Will schools play this role for your daughters?
I think for my children schools do and will continue to play a significant role in that. I think they have good mentors in the schools that they are in and that they will continue through. I think that our school system has a good plan for nurturing that career path. I don’t think our schools have all the answers right now and I do think my children are somewhat privileged, in that they are children of educators who also want to nurture the whole child at home. I know they have advantages. I think schools play a role but I think they don’t complete the whole picture.
Do you think schools will play that role for all children?
To add to what I said for the last question, I think that schools need to continue to try to fill that gap but I don’t think they can do it alone. I think it has to be a community effort, which includes helping parents and community members play that role for all children. I think if we’re going to attend to the whole child including their needs and their passions and the gaps in their lives we’ve got to include other community organizations because for some children its the basic needs they don’t have. They can’t even attend what they are passionate about because they are worried about other things. I can hope for a future where schools are an essential part of that. I know they play it the best they can with the resources they have currently.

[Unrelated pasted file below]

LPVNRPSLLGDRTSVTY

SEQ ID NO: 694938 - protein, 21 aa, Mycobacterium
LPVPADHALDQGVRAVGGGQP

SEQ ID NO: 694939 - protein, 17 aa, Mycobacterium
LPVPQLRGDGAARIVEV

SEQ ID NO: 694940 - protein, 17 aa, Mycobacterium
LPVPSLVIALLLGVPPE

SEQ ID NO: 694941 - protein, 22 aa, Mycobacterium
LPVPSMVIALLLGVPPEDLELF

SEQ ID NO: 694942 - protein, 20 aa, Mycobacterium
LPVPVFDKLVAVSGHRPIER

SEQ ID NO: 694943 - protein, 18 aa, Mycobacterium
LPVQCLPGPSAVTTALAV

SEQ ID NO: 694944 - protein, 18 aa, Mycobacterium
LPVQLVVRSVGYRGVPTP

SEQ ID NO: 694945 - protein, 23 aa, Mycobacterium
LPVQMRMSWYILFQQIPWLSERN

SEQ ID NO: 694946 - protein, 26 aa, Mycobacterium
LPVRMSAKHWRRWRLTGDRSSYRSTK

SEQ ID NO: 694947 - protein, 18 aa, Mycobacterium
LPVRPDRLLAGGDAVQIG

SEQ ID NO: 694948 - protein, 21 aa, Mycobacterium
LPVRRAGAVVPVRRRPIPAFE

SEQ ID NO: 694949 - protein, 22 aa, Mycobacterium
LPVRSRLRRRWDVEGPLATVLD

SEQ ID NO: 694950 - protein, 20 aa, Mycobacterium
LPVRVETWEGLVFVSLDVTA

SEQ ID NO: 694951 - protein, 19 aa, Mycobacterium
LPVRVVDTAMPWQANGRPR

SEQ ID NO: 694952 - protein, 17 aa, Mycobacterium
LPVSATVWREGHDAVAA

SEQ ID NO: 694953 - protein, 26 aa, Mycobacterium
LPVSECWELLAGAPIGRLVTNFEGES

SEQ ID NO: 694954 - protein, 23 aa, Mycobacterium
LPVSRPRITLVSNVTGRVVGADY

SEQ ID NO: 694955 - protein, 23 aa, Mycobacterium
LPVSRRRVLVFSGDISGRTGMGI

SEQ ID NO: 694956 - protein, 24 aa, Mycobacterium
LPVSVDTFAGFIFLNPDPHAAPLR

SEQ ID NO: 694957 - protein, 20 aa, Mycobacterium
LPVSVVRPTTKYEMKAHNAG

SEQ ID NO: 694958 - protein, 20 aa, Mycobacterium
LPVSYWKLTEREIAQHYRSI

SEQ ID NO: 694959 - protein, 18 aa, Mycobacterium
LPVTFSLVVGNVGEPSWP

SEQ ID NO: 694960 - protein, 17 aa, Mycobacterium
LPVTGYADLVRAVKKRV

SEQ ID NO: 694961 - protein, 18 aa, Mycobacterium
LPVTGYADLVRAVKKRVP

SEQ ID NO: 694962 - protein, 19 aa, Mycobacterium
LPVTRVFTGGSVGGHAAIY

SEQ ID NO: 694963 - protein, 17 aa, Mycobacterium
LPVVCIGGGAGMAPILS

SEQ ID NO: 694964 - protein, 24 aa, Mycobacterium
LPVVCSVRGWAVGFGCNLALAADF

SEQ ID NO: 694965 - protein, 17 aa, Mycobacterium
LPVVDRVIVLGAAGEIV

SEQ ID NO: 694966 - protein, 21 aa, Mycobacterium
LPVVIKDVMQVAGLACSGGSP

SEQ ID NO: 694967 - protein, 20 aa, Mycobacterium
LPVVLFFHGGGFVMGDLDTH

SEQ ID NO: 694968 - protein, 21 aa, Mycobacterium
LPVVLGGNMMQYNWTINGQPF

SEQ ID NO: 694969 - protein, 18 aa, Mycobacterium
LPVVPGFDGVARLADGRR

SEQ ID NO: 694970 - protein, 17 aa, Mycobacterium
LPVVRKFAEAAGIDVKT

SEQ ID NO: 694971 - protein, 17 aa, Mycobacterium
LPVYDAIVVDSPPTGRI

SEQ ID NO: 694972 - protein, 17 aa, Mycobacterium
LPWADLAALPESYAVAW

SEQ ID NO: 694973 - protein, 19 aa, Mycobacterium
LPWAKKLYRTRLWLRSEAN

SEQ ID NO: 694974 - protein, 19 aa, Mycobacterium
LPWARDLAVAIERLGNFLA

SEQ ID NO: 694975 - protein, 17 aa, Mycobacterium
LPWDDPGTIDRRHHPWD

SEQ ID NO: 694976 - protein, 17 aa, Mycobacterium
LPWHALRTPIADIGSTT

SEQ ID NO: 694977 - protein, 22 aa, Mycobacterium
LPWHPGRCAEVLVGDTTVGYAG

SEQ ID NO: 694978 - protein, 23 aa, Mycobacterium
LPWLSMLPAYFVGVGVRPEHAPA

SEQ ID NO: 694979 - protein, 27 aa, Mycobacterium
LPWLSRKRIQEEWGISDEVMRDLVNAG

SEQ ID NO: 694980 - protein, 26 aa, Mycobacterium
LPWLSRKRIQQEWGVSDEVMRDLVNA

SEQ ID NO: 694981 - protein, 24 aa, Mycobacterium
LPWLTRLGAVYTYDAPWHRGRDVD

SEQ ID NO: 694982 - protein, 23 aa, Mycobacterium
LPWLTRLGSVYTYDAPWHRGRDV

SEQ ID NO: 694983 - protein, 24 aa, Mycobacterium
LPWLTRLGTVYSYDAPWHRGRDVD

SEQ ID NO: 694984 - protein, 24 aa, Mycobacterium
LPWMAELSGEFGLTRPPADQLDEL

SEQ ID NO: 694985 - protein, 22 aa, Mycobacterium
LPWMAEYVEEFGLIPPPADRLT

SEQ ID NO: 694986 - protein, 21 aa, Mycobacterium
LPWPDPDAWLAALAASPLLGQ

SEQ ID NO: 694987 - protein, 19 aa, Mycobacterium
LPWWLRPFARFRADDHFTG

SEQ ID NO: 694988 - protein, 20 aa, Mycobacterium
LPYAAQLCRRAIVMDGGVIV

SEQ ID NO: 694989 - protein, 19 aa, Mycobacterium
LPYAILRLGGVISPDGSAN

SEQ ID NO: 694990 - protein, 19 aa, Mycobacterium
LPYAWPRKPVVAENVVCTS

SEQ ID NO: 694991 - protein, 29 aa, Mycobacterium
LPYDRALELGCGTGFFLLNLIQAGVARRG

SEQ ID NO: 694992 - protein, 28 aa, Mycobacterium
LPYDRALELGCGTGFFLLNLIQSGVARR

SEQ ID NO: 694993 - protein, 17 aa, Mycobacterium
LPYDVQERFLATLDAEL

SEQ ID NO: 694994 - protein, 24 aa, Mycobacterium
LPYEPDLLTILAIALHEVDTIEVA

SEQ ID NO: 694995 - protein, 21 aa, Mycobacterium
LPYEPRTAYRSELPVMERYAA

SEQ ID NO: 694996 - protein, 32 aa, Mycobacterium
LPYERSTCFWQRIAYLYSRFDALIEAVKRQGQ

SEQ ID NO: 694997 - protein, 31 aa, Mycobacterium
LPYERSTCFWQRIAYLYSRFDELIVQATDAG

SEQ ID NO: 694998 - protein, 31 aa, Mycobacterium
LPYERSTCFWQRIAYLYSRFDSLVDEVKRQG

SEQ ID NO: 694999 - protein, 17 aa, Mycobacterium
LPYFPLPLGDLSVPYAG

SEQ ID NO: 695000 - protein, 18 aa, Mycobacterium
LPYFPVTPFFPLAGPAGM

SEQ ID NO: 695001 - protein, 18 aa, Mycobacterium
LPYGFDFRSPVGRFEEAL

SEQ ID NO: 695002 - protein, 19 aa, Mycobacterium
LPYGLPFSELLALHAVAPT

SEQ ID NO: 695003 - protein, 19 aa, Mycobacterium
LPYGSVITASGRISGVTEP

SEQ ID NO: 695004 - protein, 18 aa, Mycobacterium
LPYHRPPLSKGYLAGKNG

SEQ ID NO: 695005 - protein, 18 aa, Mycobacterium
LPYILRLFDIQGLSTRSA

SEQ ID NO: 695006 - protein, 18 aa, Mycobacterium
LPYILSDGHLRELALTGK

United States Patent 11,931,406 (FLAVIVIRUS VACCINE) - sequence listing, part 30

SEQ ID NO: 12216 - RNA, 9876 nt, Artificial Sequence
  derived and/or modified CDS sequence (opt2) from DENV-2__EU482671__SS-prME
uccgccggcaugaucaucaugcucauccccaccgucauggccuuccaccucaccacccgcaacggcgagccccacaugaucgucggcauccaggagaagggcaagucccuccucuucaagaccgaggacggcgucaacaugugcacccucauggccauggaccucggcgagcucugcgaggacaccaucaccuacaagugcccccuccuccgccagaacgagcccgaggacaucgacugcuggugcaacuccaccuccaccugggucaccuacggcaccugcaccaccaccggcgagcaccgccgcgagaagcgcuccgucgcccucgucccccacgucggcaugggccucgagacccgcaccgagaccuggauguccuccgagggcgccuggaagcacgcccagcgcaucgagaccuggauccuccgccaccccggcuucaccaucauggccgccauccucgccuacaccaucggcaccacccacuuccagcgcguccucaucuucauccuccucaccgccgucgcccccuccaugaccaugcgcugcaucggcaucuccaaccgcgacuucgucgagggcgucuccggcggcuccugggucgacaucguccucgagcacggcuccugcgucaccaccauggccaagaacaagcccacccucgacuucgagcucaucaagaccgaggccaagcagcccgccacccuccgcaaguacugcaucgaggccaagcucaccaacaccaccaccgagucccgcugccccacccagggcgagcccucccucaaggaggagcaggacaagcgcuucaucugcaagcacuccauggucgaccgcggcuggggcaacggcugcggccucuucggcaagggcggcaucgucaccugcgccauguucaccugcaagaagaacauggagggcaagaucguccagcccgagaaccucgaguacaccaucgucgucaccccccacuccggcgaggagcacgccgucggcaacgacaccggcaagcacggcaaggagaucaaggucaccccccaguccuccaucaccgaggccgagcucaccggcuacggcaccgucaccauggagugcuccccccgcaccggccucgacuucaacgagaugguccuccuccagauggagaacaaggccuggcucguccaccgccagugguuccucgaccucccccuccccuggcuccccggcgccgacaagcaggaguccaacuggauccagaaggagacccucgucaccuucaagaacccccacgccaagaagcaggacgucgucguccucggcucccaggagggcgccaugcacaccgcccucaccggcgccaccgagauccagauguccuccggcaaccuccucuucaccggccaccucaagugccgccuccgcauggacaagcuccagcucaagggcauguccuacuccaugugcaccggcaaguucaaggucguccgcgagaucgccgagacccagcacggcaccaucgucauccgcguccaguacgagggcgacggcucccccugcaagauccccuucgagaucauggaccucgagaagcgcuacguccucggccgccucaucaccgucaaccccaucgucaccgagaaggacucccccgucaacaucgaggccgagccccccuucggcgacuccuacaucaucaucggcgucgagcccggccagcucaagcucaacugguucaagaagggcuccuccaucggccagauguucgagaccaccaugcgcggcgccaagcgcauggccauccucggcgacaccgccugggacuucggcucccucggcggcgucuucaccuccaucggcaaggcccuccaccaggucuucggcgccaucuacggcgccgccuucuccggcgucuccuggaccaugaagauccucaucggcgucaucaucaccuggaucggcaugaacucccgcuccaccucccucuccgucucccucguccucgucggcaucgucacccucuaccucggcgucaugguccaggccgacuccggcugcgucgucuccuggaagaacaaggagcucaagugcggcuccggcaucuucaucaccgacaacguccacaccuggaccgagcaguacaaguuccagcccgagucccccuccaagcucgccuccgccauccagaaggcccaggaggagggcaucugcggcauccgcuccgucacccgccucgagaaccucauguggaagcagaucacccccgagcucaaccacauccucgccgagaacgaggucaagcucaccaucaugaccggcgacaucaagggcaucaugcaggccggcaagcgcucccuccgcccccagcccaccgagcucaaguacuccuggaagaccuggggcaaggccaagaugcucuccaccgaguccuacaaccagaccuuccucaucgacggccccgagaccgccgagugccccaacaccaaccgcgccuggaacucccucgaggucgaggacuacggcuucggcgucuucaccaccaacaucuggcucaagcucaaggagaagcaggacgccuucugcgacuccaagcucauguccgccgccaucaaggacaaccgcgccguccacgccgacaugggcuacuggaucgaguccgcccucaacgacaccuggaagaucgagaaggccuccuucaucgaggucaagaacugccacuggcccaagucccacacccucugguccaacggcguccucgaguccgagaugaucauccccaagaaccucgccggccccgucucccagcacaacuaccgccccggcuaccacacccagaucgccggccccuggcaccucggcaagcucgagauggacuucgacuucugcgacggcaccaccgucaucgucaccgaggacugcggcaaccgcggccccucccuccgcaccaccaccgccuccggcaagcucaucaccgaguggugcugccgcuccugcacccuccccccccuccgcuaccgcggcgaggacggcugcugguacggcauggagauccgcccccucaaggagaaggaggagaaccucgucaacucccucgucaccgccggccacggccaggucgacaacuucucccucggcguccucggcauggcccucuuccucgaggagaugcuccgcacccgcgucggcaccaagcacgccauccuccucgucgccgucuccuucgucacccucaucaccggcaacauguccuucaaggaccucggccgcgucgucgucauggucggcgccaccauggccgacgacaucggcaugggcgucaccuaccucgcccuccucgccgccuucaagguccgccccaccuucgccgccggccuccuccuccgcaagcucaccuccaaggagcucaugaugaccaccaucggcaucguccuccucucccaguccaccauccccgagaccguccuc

Do you think other people agree with you?
I think a lot of people agree with what a good life is for their kids. We want our children to be well rounded; we want to see them in successful careers but we don’t want that to be the focal point of their lives. As far as the role of schools in getting there, I think there is probably a lot of disagreement on that. I think some people see it as only getting them to college or getting them to a career or to a job. Others feel that the school should be the sole provider for all children’s needs. I don’t think either of those extremes is the right answer. Whether schools will do that for all of our children I guess that kind of depends on which of the perspectives they fall under in the previous question.
Tell me about empowering educational experiences you've had.
I think one thing I can point to is knowing that a particular teacher or educator is a mentor for you. They are looking at who you are as a whole person as seeing you succeed for the future. I think of one particular high school teacher that really-he was my drama teacher and my English teacher and it’s not something I went into and he really empowered me because he knew who I was as a person too. The other empowering experience is being a lifelong learner. Having gone back to school multiple times, you know that learning has no end and that’s something I didn’t say earlier but I definitely wish for my kids; not that they get their high school diploma or their first degree and are done. It doesn’t always have to be formal I think the other empowering thing is realizing that learning is open to you in any way at any stage whether teaching yourself something or learning from a colleague or a friend. It’s very empowering when you realize that.